An ongoing period of low electricity market price has a negative impact on the profitability of many forms of electricity and heat production in the Nordic energy system. As the share of variable renewable energy increases and climate goals become more stringent, there is worry over how the heating and electricity sectors will adapt to new demands.
This dissertation discusses the integration of the heat and electricity sectors for additional flexibility and efficiency in both. We take a market-based view on the integration because it is realised and maintained only if the necessary investment is profitable. We discuss three aspects of sector integration: industrial demand-side management (IDSM), combined heat and power (CHP) production, and large-scale heat pumps (LHPs). The economic IDSM capacity of a case pulp and paper mill differs significantly from the technical capacity due to the costs and risks of demand response actions. Owing to these, the technical capacity may be only partially utilised. The economy of the future use of CHP and LHPs in Nordic district heating has links to the overall electricity demand and electricity production capacities. The use of these technologies improves the efficiency of the energy system when compared with current competing technologies.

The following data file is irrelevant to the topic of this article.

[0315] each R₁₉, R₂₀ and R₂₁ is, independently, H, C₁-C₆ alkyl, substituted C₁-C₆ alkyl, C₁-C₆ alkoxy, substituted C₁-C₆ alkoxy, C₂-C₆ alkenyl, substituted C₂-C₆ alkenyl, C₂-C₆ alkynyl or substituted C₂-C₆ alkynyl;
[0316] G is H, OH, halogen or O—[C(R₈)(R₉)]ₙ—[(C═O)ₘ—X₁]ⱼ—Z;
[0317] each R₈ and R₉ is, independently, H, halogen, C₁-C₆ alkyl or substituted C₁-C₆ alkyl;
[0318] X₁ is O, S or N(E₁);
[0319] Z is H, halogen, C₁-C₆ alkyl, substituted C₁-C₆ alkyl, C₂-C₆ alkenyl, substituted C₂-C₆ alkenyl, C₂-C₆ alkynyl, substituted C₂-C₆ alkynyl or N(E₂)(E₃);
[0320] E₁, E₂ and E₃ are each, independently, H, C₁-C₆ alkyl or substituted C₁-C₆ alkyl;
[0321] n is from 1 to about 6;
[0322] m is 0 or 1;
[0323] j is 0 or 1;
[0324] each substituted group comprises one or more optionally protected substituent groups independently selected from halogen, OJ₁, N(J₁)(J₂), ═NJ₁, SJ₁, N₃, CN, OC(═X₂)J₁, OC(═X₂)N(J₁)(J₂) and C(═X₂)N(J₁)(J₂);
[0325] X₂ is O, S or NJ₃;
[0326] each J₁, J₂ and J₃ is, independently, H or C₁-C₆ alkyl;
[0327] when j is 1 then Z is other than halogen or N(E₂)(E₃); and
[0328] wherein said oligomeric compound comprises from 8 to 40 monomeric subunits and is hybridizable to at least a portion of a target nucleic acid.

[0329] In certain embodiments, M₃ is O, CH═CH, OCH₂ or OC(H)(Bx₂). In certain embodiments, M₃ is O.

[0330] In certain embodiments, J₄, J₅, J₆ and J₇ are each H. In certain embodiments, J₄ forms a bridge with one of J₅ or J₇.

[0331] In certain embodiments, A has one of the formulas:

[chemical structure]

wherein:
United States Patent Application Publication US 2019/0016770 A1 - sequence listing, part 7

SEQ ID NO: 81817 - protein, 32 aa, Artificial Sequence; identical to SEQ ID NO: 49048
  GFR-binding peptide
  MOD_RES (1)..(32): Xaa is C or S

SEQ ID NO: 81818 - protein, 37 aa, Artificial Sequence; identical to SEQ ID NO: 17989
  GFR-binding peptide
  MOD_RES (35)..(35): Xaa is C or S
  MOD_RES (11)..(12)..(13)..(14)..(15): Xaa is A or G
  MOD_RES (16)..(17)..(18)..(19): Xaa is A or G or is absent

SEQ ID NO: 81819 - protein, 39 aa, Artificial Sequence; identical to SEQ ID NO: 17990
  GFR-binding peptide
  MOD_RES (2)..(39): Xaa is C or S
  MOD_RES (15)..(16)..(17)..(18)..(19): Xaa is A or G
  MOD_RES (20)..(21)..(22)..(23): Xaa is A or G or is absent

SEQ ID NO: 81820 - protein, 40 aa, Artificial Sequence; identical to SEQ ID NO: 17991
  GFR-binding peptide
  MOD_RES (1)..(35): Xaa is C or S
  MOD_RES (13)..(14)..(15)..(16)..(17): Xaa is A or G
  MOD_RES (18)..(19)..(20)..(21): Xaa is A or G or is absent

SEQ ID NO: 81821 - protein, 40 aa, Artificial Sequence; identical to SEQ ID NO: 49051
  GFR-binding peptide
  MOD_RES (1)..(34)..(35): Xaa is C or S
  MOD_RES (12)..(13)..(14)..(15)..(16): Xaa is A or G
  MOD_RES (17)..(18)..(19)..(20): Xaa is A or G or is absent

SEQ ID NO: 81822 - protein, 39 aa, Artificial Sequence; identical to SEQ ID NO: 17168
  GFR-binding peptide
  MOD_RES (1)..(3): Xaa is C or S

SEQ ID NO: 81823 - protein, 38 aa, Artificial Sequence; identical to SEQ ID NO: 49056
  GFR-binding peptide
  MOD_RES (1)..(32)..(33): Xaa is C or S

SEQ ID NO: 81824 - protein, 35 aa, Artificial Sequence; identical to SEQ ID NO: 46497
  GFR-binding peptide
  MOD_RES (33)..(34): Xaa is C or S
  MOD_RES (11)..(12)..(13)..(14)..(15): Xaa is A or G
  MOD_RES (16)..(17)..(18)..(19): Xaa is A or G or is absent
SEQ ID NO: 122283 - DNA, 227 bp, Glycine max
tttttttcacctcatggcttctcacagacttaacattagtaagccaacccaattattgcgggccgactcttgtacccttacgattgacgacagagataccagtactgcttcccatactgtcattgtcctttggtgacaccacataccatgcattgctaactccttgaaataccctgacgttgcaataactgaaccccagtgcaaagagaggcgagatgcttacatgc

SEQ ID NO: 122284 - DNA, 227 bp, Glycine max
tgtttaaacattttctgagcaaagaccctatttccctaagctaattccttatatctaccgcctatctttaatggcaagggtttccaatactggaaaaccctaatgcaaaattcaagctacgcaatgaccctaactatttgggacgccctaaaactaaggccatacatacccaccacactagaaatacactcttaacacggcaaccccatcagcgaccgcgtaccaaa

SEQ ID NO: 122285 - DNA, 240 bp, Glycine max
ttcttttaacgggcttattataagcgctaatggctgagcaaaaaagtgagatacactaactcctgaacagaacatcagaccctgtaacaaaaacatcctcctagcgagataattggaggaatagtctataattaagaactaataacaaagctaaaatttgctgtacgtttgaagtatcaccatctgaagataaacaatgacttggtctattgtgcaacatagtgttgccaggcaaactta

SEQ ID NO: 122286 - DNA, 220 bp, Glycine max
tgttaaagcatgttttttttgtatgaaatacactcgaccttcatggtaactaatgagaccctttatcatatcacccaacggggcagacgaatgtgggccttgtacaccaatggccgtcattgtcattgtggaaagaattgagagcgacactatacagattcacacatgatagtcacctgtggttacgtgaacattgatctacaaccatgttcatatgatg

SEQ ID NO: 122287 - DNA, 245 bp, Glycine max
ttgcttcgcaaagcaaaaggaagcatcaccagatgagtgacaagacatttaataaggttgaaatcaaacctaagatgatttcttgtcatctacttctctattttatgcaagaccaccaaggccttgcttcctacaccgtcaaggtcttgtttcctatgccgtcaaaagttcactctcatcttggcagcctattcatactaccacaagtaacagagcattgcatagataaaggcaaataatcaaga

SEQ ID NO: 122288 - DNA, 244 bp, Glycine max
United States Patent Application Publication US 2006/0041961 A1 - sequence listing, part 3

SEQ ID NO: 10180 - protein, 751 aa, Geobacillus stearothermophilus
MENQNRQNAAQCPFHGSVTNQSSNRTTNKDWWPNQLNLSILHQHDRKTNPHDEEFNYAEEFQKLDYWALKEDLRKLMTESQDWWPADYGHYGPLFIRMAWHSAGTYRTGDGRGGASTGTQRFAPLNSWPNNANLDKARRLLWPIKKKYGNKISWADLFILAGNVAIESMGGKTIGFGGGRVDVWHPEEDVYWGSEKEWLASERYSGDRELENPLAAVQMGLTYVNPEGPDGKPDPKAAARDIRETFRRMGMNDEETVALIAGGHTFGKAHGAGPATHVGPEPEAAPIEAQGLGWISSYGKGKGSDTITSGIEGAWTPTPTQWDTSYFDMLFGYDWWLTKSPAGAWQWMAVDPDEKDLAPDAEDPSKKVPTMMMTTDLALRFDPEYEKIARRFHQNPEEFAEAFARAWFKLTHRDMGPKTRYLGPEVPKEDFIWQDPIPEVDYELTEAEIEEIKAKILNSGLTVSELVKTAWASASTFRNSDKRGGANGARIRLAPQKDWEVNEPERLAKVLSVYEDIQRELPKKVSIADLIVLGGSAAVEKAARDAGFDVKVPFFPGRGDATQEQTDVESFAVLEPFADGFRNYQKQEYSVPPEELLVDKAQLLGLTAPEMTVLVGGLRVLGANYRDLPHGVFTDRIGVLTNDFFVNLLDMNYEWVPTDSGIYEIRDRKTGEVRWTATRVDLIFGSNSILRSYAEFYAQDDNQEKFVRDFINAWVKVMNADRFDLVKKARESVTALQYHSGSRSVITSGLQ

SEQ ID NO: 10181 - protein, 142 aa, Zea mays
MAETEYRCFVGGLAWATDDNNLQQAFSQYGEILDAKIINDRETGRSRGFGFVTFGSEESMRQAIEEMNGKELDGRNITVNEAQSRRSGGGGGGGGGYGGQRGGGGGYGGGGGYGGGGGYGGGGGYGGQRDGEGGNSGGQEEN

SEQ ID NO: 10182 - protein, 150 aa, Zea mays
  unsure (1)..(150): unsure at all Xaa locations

Model results indicate continuous potential for the use of both past the year 2030, if electricity demand grows according to national forecasts. While we find economic potential for sector integration in all studied cases, there are limits and conditions for them, including the market price of electricity, as well as regulations and taxation. Research and policymaking aiming for increased sector integration should consider the market-based and international operation of the energy business. This will allow the holistic understanding of investment potential in sector integration beyond theoretical feasibility.
|Publication status||Published - 2019|
|MoE publication type||G5 Doctoral dissertation (article)|
- energy markets, CHP, district heating, sector integration, heat pump, demand side management, energy security